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How to make time as an enthusiast rower

Make Time Most rowers and coaches aren’t full-time professionals. Balancing rowing with work/school/family and other activities means that … read more

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Waking Up Must Be Rough

Make Time

Most rowers and coaches aren’t full-time professionals. Balancing rowing with work/school/family and other activities means that everyday rowers and coaches have a finite number of hours in the week to commit to rowing. It seems that the clock is always against us; imagine what could be achieved with just a few more hours in which to train. The week may already be squeezed for every available minute, but it’s worth thinking about how you can turn ‘dead time’ around and make it available for training.

Many of us spend an hour or more each day commuting to work or school. Can you exercise during this time by cycling or running instead? It may mean you spend slightly more time on your commute, but it may buy you time in allowing you to train when adding another journey to the boathouse or gym would normally take too long.

If your training time is limited because the gym or boathouse is too far away to fit in an evening or morning session consider some cross-training that doesn’t involve any travel time. A running or cycling session can start right from your front door so all your time is spent training, not travelling.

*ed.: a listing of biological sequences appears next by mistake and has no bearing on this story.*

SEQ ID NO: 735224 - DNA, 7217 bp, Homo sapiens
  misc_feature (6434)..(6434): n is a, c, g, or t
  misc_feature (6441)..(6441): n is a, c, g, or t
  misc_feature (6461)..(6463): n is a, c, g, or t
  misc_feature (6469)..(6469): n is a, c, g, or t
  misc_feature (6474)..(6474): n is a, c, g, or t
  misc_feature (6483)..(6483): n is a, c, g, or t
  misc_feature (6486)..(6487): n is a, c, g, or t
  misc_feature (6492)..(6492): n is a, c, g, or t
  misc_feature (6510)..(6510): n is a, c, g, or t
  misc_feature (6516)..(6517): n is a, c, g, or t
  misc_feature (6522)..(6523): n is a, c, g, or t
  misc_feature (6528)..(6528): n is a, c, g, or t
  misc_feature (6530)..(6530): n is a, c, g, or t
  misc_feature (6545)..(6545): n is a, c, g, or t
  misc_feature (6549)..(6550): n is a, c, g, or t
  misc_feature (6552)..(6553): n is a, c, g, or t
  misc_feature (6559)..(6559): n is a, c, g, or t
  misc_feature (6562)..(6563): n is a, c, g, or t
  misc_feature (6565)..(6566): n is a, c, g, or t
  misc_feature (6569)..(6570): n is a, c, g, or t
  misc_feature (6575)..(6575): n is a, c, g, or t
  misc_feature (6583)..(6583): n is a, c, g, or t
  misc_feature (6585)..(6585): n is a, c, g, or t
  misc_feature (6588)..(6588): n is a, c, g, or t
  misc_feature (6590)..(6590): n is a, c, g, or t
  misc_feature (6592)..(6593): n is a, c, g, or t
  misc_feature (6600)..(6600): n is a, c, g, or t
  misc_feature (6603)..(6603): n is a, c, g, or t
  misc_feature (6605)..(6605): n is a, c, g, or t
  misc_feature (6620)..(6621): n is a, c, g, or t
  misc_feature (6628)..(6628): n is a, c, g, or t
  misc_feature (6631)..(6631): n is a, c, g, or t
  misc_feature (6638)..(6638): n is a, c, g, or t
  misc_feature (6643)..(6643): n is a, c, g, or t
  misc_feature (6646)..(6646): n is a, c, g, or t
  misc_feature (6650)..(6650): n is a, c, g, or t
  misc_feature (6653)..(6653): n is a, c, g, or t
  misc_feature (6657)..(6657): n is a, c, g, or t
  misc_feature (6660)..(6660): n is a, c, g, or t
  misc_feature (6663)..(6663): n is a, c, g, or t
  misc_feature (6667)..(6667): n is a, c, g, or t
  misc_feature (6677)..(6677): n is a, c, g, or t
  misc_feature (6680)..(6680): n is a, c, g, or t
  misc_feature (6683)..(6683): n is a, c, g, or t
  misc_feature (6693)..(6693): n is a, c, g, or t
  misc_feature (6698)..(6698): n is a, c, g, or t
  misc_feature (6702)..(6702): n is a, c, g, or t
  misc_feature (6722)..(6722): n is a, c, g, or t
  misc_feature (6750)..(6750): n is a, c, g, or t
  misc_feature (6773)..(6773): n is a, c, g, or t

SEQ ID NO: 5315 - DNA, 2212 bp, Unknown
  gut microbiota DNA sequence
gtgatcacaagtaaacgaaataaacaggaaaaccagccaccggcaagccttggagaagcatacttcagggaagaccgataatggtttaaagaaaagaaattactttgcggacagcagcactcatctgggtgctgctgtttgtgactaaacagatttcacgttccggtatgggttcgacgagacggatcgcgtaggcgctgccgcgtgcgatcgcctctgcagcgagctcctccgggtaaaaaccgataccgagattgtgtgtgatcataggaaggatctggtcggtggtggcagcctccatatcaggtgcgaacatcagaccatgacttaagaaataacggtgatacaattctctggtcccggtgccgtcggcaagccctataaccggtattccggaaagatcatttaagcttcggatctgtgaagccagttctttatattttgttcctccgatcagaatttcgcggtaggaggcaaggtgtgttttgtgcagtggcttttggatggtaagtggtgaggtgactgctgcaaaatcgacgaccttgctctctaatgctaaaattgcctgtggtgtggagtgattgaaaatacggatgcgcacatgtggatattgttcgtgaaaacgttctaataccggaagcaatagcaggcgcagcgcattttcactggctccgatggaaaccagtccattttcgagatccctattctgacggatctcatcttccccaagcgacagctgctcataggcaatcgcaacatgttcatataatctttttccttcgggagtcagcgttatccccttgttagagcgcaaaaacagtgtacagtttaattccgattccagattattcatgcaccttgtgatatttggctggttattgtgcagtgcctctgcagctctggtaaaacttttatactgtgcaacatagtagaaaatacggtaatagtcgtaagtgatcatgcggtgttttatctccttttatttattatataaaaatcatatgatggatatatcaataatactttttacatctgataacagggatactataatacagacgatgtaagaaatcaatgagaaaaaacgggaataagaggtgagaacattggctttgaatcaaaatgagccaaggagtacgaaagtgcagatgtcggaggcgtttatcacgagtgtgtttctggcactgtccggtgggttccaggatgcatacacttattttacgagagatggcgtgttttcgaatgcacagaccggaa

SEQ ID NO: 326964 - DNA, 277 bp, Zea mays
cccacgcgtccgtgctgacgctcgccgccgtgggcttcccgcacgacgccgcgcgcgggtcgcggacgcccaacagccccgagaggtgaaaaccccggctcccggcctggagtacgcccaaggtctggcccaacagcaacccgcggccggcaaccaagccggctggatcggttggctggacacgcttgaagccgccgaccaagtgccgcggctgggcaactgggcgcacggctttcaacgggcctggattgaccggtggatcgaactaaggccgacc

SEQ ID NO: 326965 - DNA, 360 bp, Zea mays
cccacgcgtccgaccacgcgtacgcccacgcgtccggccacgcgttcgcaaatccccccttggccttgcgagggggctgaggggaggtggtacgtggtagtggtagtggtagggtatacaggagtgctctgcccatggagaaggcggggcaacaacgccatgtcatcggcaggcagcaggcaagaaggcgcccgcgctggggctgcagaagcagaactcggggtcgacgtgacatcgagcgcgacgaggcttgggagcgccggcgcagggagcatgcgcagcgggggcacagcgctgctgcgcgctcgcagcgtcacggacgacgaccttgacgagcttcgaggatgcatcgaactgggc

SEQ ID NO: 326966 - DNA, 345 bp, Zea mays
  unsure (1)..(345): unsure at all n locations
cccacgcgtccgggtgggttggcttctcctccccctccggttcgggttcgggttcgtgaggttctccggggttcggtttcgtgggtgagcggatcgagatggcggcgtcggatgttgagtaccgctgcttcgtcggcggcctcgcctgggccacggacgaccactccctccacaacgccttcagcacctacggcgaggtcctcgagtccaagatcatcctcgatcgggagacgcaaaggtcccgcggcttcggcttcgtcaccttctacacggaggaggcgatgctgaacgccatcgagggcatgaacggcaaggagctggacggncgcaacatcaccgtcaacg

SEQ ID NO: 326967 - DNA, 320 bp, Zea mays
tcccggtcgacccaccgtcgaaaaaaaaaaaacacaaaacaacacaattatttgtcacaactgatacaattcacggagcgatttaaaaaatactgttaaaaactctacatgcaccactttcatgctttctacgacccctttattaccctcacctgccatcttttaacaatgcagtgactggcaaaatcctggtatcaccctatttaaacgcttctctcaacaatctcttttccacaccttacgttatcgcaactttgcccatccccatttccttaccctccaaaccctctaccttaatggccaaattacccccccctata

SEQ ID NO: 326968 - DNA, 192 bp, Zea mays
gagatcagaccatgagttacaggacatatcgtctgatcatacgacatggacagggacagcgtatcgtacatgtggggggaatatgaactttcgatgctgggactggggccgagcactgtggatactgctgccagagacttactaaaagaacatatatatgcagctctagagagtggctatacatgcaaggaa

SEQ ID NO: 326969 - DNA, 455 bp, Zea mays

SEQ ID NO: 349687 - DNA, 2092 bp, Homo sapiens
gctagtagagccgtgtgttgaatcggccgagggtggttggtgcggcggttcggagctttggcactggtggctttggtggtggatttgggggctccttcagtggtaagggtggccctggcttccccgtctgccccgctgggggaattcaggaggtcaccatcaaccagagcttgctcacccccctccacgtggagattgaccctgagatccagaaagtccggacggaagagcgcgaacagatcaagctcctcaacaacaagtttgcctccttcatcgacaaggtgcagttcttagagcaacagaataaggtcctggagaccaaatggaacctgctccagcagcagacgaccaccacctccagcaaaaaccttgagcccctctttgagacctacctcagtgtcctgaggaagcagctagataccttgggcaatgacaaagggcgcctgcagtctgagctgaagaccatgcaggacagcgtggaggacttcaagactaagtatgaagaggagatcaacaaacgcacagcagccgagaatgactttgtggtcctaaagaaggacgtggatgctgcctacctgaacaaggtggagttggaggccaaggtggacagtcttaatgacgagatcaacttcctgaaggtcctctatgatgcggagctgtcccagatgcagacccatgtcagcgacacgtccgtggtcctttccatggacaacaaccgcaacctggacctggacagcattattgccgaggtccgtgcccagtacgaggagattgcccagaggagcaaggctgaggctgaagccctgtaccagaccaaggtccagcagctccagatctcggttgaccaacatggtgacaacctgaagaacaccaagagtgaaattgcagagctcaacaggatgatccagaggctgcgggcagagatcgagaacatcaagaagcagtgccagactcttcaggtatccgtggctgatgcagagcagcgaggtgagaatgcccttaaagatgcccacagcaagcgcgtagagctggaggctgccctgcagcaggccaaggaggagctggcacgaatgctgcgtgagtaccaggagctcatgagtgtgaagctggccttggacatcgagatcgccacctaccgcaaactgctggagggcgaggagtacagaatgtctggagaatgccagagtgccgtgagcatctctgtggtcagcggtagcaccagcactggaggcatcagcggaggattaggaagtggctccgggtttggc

Lunch breaks can be used to improve flexibility by stretching. Posture can be worked on throughout the day when you are sitting at a desk, or performing you usual activities.

Maximise your water time by incorporating your warm-up into your journey to the boathouse by running or cycling. Dead time on the water while resting between pieces or waiting for other crews in your group can be used for technical drills or stretching. Any time when the boat is stopped can be used to improve flexibility by taking your feet out of the shoes and stretching the hamstrings. Once this becomes part of your routine it will dramatically increase the amount of time to give to stretching and show big improvements in positioning and stroke length.

Rest is important, but can you get up half an hour earlier and start the day with some yoga? Do you rush through breakfast instead of spending time properly fueling your body for the day’s training and activities?

See more about time management with “Never Enough Time: Getting the most from your Training“.


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